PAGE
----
August 07, 2012
Hector's dolphin, the parent species of the Maui's dolphin. Photo by: James Shook.
Weighing up to 110 pounds (50 kilograms) with a length of 1.7 meters, Maui's dolphins are the smallest in the world. Their size is not the only thing that makes them unique; they are part of the only species of dolphin that has a round dorsal fin rather than a pointed one. They can also be easily identified by their distinctive grey, white and black markings and short snout.
Maui’s dolphin—a subspecies of Hector's dolphin—are often caught and killed in the nylon gillnets and trawls used by fisherman in both protected and unprotected areas of New Zealand. Both Maui's and Hector's dolphin are listed as Critically Endangered by the IUCN Red List. The IWC’s Scientific Committee has highlighted research indicating that current protected areas are too small to adequately prevent this dolphin bycatch, a danger that exceeds sustainable levels almost 23 times in some areas.
"The IWC has confirmed what scientists have been pointing out all along, namely that numbers continue to decline because only a small fraction of the dolphins home is protected against gillnetting and trawling," Dr. Barbara Maas, of the German conservation group NABU International that had published a report urging for the protection of these species. "New Zealand tried to deflect these criticisms by pointing towards a recent extension of the protected area for Maui’s dolphins. Yet New Zealand failed to mention that these measures are merely temporary, don’t include trawl fishing and do not apply to most of the dolphins’ habitat. They therefore fall short of the IWC’s directions and will not prevent the dolphins’ extinction."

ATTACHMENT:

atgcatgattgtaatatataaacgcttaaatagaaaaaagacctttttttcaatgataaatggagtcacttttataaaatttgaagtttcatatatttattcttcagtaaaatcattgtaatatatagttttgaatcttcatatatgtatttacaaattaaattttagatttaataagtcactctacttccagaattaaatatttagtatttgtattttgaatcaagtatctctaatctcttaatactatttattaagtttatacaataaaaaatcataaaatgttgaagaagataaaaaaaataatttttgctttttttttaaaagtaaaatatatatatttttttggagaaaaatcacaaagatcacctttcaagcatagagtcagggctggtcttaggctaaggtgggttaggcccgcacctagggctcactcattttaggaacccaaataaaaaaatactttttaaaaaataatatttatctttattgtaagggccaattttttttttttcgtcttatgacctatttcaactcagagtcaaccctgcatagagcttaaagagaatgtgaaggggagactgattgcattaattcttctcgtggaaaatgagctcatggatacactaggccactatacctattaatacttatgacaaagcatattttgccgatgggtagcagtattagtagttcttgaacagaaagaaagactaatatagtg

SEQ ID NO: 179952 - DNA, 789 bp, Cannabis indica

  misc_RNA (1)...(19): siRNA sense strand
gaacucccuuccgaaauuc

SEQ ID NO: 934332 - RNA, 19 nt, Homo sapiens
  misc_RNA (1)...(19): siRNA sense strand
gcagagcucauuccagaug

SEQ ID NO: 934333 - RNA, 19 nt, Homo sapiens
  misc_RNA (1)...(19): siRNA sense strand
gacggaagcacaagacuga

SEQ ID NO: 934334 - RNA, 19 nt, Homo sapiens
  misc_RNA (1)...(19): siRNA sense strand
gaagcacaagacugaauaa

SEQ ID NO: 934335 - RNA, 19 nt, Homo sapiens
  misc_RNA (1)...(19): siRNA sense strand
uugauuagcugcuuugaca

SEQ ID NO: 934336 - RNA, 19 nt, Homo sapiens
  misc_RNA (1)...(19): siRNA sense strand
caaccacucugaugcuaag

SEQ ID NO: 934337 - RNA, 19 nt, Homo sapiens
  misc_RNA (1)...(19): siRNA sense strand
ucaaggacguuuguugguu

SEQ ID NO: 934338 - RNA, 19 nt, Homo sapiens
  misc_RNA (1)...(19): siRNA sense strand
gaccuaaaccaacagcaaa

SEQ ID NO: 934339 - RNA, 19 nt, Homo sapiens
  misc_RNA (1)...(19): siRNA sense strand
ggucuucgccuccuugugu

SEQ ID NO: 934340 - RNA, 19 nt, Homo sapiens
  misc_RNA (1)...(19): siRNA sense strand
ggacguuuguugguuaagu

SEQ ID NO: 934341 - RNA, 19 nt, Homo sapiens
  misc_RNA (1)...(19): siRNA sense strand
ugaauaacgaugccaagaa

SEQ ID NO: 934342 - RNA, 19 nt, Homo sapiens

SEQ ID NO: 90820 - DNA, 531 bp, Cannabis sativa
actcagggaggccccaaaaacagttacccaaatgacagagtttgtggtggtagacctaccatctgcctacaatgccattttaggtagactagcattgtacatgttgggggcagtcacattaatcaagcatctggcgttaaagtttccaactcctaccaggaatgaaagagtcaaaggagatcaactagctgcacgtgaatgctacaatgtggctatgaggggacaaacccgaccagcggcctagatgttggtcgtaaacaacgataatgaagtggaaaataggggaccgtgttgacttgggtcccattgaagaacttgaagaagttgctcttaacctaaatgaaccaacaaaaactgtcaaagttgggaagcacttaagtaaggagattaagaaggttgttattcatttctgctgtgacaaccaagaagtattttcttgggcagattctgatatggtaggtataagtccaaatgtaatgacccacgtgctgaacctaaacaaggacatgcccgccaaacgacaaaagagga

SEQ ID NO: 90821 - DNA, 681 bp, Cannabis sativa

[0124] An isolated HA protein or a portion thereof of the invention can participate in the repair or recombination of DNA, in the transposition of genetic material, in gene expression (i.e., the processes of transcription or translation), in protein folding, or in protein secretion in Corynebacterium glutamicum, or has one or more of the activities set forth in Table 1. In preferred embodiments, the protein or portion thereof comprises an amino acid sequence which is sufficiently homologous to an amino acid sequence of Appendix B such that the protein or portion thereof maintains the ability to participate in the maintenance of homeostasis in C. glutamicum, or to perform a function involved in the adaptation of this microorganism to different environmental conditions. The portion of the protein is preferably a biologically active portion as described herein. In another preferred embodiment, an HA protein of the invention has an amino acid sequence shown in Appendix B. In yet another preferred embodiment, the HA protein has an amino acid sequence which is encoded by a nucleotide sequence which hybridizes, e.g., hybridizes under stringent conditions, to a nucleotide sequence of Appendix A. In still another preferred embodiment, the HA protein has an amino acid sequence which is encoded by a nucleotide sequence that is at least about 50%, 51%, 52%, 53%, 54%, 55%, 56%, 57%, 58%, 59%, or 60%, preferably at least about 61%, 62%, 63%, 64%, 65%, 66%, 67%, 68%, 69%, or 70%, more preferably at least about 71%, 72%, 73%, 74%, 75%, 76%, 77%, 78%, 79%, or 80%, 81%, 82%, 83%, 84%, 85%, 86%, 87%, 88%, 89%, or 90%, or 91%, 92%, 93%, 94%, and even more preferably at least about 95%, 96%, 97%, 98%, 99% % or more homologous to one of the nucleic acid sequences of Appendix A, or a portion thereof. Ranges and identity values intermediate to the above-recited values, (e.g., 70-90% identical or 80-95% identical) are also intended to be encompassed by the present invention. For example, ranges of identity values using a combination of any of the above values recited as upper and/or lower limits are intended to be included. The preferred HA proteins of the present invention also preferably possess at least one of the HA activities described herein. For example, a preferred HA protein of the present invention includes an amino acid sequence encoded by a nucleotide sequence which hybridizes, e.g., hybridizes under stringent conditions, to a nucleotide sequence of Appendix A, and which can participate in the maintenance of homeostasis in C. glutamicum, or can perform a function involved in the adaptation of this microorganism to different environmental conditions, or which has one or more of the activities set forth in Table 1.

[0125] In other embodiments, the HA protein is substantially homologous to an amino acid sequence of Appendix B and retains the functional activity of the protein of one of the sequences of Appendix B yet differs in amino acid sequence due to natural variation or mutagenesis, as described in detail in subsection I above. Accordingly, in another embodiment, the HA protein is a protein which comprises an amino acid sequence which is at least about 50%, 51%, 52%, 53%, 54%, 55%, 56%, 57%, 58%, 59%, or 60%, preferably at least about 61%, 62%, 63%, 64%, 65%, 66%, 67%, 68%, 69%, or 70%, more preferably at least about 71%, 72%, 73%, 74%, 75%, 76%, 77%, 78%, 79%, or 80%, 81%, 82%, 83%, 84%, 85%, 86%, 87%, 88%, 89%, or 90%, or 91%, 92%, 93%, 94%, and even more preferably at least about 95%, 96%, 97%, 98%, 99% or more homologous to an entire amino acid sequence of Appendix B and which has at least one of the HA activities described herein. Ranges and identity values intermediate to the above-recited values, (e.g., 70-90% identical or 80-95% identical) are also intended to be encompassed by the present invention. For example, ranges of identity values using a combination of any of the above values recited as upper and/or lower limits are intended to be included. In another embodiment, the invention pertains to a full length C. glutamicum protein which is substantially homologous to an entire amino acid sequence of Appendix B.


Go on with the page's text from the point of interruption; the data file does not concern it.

New Zealand measures, introduced under the Hectors and Maui’s Threat Management Plan, will ban set nets along the Taranaki coast from Pariokariwa Point to Hawera and out two nautical miles. Commercial fisherman may only use set nets from two to seven nautical miles, and only if there is an observer on board.
But Rebecca Bird, manager of the WWF-New Zealand’s Marine Program, says that it is "too little, too late."
Bird notes "this area should have been fully protected back in 2008 when the government introduced new fishing restrictions. Yet it has taken more dead dolphins, an obstructive legal challenge by the fishing industry and further evidence of a serious decline in the population before the government acted."
Concerned conservation organizations insist that the long-term plans proposed by New Zealand are not sufficient to protect the species from extinction. They are calling for immediate action from the New Zealand government that would ban the use of gillnets and trawlers throughout the Maui’s dolphins habitat. Community members have responded by joining campaigns and signing petitions to show their support for the organizations and the importance of saving the small cetacean.
World's smallest dolphin: only 55 left, but continue to drown in nets
(03/22/2012) The world's smallest dolphin is also the closest to extinction. New Zealand government figures show that Maui's dolphin (Cephalorhynchus hectori maui) are down to just 55 mature individuals, falling from 111 in 2005. The small cetaceans, measuring up to 1.7 meters (5.5 feet), are imperiled due to drowning in gillnets with the most recent death by a fisherman's net occurring in January.
Deepwater Horizon oil spill may have played role in dolphin deaths
(07/22/2012) In the first four months of 2011, 186 bottlenose dolphins (Tursiops truncatus) were found dead in the Gulf of Mexico, nearly half of them dolphin calves many of whom were perinatal, or near birth. Researchers now believe a number of factors may have killed the animals. Writing in the open-access journal PLoS ONE, scientists theorize that the dolphins died a sudden influx of freshwater from snowmelt after being stressed and weakened by an abnormally cold winter and the impacts of the BP oil spill.
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(01/16/2012) A Greenpeace video, using footage from a whistleblower, shows disturbing images of the tuna industry operating in the unregulated waters of the Pacific Ocean. Using fish aggregation devices (FADs) and purse seine nets, the industry is not only able to catch entire schools of tuna, including juvenile, but also whatever else is in the area of the net.
New species of bottlenose discovered in Australia (PHOTO)
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